We have modern dressing room facilities.  We are notified of training and matches by text and email.  This year we started training on 20 February which was probably a little late.  By the end of July we had trained 53 times and played 20 games.  I’ve missed very little.  Early season training under lights on cold nights in wet mucky ground was hard even if a lot of what we did was with the ball.  During the Summer we usually train 2 or 3 times a week with a match at weekends.  Sessions usually start at 7.30 and last until about 9.00 or 9.15pm.  The routine is usually ball drills at speed (which also helps your fitness) followed by a match.  I’m told we have already gone through 120 sliothars this year.  To get to Silverpark I used leave work at 6.15 to get a bus out.  Recently I bought a car.  My main reason for doing so was to make it easier to get to and from training.  I now leave work about 6.00, go home, get the car and drive to training.  Normally I get home about 9.40.  For away games I used get picked up in town by one of the lads who lives near me such as Brian Motherway or Adrian Grogan and be dropped home.  Now I find I’m picking fellows up.

 

What about the “extras” – hurleys, boots, gear, diet, recovery, pool use, injuries etc?

 

Paschal:

 

I used get my hurleys from Neary in Kilkenny.  The first thing you did was put bands and oil on to keep them together.  My boots were made of leather and were heavy with re-inforced toe caps.  They came above your ankles.  You used them as long as they lasted.  To prolong their life you’d rub dobbin on.  The cogs you bought separately and hammered them in.  I never wore headgear nor took any notice of diet.  There was nothing about liquid intake.  I am a life long pioneer so alcohol was never a factor with me.  If you got a knock in a match you might or might not get a rub but basically there was no attention unless it was serious enough for you to be taken to hospital.

 

Hugh:

 

I get my hurleys from Dowlings about a 100 yards from my home in Kilkenny.  I bought twelve for the season at a cost of €250.  I wear short stud boots in the Summer and long stud boots for the rest of the year.  My helmet is Azzuri and I’ve always used one.  As to diet I am careful what I eat.  I eat a lot of salads, fruit smoothies and pasta.  About two hours before a match I’d eat a bowl of porridge which I find very good for energy.  During the season it is very hard to drink and get anything out of training so for most of the year I would take very little alcohol.  On match days I wouldn’t drink any caffeine.  I drink two pints of water before I go to work and top up constantly during the day.  We have access to a pool in work and I usually go swimming three times a week doing 40 lengths each time.  In the Summer I often swim at Seapoint.  With work and study it is very hard to get as much rest and recovery time as you would like.  If I get a knock which needs attention I go to Anne Marie O’Sullivan a physical therapist.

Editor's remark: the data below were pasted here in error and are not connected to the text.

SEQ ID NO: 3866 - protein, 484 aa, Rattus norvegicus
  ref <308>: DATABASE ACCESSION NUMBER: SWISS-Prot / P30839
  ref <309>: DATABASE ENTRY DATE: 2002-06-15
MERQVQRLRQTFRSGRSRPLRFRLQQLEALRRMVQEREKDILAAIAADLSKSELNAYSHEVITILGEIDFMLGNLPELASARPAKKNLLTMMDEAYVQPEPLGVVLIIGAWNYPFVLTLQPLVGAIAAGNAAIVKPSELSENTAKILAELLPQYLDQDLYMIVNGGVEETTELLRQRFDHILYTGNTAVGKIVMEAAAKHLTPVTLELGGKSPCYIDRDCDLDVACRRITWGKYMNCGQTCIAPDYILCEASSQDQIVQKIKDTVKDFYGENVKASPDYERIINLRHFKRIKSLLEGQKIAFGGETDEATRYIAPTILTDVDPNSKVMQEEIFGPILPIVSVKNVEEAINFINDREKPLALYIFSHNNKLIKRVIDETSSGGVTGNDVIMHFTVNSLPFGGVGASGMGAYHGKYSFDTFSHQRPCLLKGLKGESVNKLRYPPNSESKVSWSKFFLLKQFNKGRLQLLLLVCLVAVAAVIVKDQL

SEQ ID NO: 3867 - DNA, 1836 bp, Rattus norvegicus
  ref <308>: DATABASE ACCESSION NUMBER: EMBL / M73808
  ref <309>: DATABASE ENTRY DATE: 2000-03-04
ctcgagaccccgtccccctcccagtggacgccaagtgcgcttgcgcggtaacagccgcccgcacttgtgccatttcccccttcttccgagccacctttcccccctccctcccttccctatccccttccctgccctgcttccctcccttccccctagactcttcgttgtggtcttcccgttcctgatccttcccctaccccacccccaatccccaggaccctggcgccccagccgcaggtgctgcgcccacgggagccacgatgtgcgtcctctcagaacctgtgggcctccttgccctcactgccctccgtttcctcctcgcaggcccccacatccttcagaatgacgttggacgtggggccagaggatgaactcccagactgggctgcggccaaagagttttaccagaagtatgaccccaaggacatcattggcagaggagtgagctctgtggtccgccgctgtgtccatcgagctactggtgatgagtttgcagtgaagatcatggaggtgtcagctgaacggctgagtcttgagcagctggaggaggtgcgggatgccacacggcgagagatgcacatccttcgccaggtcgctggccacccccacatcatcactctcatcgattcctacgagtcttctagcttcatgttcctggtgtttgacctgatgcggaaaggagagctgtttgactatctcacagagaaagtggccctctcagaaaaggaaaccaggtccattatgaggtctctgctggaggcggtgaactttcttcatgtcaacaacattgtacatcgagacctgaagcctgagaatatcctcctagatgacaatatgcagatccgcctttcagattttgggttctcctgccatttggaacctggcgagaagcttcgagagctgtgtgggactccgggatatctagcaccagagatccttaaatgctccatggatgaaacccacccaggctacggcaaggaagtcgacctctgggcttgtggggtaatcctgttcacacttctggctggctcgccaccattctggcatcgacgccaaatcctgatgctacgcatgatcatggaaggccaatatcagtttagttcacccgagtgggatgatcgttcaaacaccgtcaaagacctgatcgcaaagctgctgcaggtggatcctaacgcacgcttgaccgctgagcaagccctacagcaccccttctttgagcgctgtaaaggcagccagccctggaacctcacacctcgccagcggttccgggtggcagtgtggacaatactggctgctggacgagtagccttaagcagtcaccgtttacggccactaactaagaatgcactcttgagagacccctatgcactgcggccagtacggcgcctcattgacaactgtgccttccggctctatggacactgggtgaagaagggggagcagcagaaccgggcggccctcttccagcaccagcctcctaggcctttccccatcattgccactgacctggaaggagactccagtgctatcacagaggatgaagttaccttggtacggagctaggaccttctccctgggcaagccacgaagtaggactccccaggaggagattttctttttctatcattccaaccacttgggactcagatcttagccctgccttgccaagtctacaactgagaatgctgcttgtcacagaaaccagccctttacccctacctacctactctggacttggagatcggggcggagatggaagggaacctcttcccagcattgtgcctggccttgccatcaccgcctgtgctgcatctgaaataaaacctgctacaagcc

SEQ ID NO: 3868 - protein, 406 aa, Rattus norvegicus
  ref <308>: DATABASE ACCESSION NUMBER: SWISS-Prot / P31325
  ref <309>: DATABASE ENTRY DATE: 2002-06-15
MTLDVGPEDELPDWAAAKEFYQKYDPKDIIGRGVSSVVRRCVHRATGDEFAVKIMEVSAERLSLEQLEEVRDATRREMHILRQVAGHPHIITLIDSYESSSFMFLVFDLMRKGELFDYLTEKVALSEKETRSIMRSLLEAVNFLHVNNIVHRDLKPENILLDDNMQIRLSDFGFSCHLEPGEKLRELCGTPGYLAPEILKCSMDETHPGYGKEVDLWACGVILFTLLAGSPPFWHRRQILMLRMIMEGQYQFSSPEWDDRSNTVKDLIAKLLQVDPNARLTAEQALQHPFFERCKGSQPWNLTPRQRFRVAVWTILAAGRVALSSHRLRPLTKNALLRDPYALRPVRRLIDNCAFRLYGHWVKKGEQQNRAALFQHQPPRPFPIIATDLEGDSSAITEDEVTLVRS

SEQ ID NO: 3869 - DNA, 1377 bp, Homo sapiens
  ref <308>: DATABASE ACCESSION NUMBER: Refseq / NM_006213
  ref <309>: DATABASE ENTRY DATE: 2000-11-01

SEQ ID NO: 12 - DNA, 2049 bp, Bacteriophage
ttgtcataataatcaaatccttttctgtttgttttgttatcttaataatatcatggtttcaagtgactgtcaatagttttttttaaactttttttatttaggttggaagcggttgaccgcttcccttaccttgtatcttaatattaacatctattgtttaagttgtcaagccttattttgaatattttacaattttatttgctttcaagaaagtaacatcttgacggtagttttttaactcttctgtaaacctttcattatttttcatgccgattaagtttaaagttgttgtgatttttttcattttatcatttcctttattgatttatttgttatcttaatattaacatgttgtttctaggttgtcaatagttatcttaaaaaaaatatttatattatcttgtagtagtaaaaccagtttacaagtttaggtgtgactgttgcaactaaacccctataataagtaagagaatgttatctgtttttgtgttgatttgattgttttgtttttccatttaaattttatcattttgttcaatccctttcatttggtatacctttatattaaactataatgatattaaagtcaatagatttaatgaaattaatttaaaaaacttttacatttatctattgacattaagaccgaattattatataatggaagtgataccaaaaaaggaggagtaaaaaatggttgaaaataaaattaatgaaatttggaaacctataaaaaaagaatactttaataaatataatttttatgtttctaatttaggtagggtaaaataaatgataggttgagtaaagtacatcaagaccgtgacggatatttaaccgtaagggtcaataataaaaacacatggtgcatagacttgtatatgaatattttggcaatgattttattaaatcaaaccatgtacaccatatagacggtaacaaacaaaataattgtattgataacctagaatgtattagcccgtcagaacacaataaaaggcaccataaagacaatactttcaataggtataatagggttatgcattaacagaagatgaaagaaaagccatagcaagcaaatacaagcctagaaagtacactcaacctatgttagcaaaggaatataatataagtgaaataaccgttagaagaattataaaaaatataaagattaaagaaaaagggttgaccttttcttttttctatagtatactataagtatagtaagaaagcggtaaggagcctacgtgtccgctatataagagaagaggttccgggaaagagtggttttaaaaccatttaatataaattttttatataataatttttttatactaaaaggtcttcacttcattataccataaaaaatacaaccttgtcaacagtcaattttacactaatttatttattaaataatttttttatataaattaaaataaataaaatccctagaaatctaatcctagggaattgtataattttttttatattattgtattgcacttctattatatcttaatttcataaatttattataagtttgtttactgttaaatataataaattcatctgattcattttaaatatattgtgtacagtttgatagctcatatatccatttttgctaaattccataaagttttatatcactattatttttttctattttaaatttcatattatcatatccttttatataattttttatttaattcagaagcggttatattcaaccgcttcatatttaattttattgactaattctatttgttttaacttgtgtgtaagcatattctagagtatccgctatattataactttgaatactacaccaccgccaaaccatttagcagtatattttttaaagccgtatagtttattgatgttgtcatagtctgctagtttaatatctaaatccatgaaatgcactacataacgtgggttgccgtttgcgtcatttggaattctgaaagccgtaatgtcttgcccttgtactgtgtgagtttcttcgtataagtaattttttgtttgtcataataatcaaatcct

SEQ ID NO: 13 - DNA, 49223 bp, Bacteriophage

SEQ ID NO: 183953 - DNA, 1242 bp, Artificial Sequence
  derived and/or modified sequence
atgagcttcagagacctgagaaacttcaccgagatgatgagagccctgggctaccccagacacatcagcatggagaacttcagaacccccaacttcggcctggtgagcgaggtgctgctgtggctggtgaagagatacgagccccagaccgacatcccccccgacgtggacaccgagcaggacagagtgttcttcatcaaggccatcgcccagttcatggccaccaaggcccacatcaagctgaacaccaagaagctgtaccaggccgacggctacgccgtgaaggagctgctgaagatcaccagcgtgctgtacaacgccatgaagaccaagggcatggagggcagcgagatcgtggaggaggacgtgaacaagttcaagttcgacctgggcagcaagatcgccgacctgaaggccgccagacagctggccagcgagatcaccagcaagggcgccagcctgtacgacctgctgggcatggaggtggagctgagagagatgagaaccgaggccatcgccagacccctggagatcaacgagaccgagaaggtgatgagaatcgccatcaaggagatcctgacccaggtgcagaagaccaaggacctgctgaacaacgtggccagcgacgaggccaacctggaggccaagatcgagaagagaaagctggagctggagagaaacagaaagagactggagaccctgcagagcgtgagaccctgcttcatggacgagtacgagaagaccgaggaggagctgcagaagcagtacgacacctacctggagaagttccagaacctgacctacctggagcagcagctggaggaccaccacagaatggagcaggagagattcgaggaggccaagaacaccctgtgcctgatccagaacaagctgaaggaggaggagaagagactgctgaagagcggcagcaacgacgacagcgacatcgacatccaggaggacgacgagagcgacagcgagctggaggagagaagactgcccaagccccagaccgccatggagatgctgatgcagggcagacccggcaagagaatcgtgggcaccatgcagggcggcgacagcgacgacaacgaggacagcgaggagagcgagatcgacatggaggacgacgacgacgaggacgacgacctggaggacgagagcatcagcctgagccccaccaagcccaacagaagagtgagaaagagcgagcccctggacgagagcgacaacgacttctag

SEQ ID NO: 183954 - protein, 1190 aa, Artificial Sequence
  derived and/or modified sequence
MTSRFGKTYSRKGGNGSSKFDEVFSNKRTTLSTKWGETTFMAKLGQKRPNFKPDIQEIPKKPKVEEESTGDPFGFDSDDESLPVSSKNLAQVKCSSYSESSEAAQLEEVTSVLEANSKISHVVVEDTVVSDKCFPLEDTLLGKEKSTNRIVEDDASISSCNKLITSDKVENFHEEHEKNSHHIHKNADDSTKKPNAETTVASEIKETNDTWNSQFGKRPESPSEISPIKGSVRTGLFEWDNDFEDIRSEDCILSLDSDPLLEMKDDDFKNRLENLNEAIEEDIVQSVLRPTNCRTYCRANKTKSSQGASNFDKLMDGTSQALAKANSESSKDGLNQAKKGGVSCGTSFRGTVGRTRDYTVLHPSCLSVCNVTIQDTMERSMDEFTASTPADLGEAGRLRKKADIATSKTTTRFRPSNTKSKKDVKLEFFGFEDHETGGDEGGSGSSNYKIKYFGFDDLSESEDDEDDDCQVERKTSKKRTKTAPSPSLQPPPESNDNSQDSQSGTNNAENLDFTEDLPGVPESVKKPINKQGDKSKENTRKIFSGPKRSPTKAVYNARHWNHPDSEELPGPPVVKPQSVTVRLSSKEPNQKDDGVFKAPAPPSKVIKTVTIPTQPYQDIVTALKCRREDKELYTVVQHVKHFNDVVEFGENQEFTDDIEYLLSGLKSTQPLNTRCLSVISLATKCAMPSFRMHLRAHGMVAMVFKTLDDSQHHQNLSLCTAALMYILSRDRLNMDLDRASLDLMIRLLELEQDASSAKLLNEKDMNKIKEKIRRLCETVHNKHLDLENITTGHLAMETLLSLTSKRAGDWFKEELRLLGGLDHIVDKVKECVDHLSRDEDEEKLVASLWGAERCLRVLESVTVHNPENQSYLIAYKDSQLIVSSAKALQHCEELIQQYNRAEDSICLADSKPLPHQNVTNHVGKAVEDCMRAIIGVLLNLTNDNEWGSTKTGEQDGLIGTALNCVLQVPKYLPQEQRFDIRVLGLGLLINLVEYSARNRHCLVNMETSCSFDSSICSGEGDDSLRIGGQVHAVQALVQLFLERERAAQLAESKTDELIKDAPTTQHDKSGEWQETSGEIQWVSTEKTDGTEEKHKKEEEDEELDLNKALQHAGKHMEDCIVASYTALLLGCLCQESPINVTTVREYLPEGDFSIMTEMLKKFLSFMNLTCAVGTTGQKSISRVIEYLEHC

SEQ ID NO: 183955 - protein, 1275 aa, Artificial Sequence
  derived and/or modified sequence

What was/is your routine before a big game?

 

Paschal:

 

We played our big games in Parnell Park, Islandbridge, O’Toole Park or Croke Park.  There were great teams in Dublin with lots of intercounty players.  The crowds were big.  Coming up to a big match we would step up training a little bit and you would mind yourself a bit more in the few days before the game.  I had no particular routine on the day of a game.  I often remember Sundays where I would play a game in O’Toole Park or Islandbridge in the morning, be at Croke Park in the afternoon and go to Parnell Park in the evening.  A few had cars.  Like most players my mode of transport was cycling.

 

Hugh:

 

Often big games are on Saturday evenings.  I would get to bed early the two or three nights before and sleep in on the morning.  When I get up I get the paper and when I have that read maybe go for a walk.  I try to time my food intake to suit the match time and takes lots of water.  We usually meet at the venue about an hour before the start and just chat around about anything except hurling.  Like most players I like to put my gear on in a particular order.

 

Who was the most difficult opponent you came across in Dublin club hurling?

 

Paschal:

 

Tony Herbert of Faughs and Limerick.  He was so big and strong.  Even though he was a grand lad he certainly gave me the worst body shaking I ever got.

 

Hugh: